Even so, this is a remarkable breach of the neoliberal consensus by the IMF. Inequality and the uselessness of much modern finance: such topics have become regular chew toys for economists and politicians, who prefer to treat them as aberrations from the norm. At last a major institution is going after not only the symptoms but the cause – and it is naming that cause as political. No wonder the study’s lead author says that this research wouldn’t even have been published by the fund five years ago.

From the 1980s the policymaking elite has waved away the notion that they were acting ideologically – merely doing “what works”. But you can only get away with that claim if what you’re doing is actually working. Since the crash, central bankers, politicians and TV correspondents have tried to reassure the public that this wheeze or those billions would do the trick and put the economy right again. They have riffled through every page in the textbook and beyond – bank bailouts, spending cuts, wage freezes, pumping billions into financial markets – and still growth remains anaemic.

And the longer the slump goes on, the more the public tumbles to the fact that not only has growth been feebler, but ordinary workers have enjoyed much less of its benefits. Last year the rich countries’ thinktank, the OECD, made a remarkable concession. It acknowledged that the share of UK economic growth enjoyed by workers is now at its lowest since the second world war. Even more remarkably, it said the same or worse applied to workers across the capitalist west.

Red Plenty ends with Nikita Khrushchev pacing outside his dacha, to where he has been forcibly retired. “Paradise,” he exclaims, “is a place where people want to end up, not a place they run from. What kind of socialism is that? What kind of shit is that, when you have to keep people in chains? What kind of social order? What kind of paradise?”

Economists don’t talk like novelists, more’s the pity, but what you’re witnessing amid all the graphs and technical language is the start of the long death of an ideology.

Suicidas pensam o impensável (FSP)

26/07/2012 – 03h00

Clóvis Rossi

Até na Espanha, campeã

Que a Espanha está se suicidando lentamente não há muitas dúvidas. Desde 2010 pelo menos, os governos adotam pacotes de austeridade, compostos pela receita óbvia: aumento de impostos mais corte de gastos.

O objetivo é saciar o apetite dos mercados, que querem ter certeza de que a Espanha vai pagar a sua dívida, para o que necessita reduzi-la e reduzir igualmente o déficit público, sem o que é obrigada a tomar empréstimos para continuar operando.

Funcionou? Nada. Não funcionou do ponto de vista social (o desemprego, por exemplo, está beirando os 25%, taxa que só alcançam países devastados por guerras ou fenômenos naturais).
Por mim, é o ponto principal, mas admito que sou muito solitário ao pensar desse jeito.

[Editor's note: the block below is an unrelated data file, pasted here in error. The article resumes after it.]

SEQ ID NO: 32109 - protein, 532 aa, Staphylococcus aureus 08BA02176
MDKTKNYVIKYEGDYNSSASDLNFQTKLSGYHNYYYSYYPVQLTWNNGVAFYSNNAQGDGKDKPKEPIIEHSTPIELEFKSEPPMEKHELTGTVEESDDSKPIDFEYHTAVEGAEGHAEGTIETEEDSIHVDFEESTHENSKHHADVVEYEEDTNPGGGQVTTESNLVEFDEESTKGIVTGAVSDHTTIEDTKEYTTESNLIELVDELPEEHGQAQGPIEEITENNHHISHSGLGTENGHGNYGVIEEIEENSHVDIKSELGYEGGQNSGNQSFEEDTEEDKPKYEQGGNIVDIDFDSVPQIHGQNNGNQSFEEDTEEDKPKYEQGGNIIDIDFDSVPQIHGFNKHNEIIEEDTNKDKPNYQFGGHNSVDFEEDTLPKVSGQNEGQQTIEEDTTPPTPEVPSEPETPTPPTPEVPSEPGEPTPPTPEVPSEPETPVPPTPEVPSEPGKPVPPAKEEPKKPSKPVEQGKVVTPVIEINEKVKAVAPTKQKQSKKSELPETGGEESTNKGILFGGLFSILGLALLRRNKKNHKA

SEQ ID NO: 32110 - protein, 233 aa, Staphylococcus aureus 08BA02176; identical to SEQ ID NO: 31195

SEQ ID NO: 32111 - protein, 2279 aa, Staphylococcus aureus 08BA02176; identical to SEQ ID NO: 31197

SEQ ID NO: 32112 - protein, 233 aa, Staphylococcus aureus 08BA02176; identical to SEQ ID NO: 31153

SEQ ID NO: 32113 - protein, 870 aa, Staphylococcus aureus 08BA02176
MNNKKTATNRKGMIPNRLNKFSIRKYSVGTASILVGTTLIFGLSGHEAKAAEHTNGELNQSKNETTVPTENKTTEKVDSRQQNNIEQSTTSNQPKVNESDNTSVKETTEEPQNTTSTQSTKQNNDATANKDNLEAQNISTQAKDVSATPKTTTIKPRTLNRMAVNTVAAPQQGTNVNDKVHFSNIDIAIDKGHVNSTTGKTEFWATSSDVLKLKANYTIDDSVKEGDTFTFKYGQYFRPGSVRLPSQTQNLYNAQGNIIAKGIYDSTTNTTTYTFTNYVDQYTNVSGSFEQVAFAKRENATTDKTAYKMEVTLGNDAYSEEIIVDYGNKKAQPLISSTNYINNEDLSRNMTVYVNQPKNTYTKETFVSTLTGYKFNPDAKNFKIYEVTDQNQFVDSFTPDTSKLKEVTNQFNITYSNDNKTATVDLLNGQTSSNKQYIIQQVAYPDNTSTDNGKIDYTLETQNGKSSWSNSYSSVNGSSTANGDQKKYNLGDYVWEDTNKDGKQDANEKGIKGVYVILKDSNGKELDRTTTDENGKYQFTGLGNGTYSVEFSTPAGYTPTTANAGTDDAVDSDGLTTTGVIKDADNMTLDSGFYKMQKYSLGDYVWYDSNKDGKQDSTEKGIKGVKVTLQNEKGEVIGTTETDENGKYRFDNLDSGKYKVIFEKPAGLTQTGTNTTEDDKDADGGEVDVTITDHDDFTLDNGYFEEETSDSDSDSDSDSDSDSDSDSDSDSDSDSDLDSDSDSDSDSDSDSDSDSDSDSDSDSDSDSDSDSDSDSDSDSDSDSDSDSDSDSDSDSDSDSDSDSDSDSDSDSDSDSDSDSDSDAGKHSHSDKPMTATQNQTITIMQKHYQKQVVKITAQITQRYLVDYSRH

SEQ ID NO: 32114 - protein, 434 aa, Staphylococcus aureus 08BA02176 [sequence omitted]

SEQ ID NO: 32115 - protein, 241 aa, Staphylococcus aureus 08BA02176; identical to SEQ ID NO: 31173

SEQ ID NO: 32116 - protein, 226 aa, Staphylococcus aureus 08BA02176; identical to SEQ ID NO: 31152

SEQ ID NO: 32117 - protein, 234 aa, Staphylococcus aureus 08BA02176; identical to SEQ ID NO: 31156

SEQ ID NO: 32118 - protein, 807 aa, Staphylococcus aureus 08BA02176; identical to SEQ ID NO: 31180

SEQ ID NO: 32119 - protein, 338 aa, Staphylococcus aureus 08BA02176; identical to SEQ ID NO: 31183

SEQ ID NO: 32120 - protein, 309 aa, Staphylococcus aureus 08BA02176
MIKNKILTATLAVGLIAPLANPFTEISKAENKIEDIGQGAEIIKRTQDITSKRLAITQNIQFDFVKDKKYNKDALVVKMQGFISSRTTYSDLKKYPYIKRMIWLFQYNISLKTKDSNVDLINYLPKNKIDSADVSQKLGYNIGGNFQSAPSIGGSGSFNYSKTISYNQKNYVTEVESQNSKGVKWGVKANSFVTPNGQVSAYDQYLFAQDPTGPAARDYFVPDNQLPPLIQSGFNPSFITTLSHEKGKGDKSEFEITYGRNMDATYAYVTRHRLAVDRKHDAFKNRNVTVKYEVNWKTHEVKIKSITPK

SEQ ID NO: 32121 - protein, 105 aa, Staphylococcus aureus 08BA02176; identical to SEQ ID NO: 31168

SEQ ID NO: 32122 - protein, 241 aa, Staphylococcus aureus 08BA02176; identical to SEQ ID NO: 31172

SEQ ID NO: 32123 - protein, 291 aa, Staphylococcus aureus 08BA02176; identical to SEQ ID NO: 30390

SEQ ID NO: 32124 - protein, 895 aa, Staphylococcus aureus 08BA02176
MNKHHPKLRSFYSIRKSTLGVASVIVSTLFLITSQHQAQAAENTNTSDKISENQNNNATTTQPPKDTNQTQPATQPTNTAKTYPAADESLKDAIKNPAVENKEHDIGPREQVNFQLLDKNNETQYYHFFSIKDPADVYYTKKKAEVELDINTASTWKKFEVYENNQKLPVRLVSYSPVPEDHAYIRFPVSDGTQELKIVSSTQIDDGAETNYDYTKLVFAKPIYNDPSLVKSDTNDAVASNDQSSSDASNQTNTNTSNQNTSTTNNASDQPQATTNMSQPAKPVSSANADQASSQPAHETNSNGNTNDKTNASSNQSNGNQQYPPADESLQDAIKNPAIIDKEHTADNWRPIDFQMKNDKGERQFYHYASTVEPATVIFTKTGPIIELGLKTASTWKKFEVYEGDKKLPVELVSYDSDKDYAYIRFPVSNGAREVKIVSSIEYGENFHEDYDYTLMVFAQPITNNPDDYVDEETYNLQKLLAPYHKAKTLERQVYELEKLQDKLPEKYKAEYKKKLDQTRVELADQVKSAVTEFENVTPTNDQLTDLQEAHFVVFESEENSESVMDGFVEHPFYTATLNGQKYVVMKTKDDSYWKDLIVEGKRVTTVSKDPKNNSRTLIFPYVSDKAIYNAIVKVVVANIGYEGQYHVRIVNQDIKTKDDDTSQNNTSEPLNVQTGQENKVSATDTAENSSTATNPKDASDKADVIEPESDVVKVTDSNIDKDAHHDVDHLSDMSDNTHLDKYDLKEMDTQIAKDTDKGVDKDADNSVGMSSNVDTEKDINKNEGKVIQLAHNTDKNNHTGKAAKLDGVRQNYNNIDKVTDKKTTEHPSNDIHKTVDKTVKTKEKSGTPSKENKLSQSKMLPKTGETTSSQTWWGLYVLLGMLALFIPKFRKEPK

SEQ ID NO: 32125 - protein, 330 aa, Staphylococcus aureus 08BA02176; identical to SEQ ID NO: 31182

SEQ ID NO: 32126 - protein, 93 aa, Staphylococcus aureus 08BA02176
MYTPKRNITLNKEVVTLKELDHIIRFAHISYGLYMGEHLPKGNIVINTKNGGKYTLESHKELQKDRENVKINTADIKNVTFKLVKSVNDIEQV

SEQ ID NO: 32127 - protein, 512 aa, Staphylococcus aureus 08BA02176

Mas tampouco funcionou no seu propósito de sossegar os mercados: a Espanha está pagando mais de 7% para colocar seus títulos, nível considerado crítico e que, ao ser atingido em Portugal e na Grécia, levou ao naufrágio desses dois países.

Aí, as autoridades descobrem o óbvio, como o fizeram anteontem não só o ministro espanhol de Finanças, Luis de Guindos, como o alemão, Wolfgang Schäuble. Constataram que “as taxas [impostas à Espanha pelos mercados] não representam nem seus fundamentos econômicos nem seu potencial de crescimento nem sua capacidade de pagar suas dívidas públicas”.

O “Financial Times” em seu noticiário sobre a crise reforça essa sensação, ao culpar pelo pânico “falhas dos mercados de títulos, não a economia espanhola ou a política econômica”.

É bom lembar que nem De Guindos nem Schäuble nem o FT são anti-mercado.

Falta, no entanto, que alguém ponha de pé algo que possa superar as “falhas” dos mercados para fazer cessar o pânico.

Enquanto isso não acontece, pensa-se o impensável, como é próprio de situações próximas do suicídio. Pela primeira vez que eu tenha lido, um espanhol ousou mencionar a hipótese de a Espanha deixar o euro e voltar à peseta.

Foi Antonio Estella, catedrático de Direito Administrativo da Universidade Carlos 3.o de Madri, em artigo para “El País”.

Digo impensável porque a integração com a Europa tem sido, há mais de meio século, o pote de ouro da Espanha, responsável em grande medida pela volta da democracia e, com ela, por um surto formidável de desenvolvimento, que mudou radicalmente a face daquele país atrasado, exportador de mão-de-obra, fechado, cinzento.

Talvez o impensável esteja sendo pensado porque a política de suicídio lento trouxe de volta a exportação em massa de espanhóis: só no primeiro semestre, 40.025 pessoas deixaram um país que até a crise importava estrangeiros em massa. Há um ano, havia 5,144 milhões de estrangeiros em uma Espanha de 46,24 milhões de habitantes.

O pior é que o impensável não é uma boa alternativa, como explica Martin Feldstein, professor de Harvard e crítico de toda a vida do euro: “Embora a criação da eurozona tenha sido um erro econômico, permitir que se dissolva agora seria muito custoso para governos, investidores e cidadãos”, escreveu para o FT.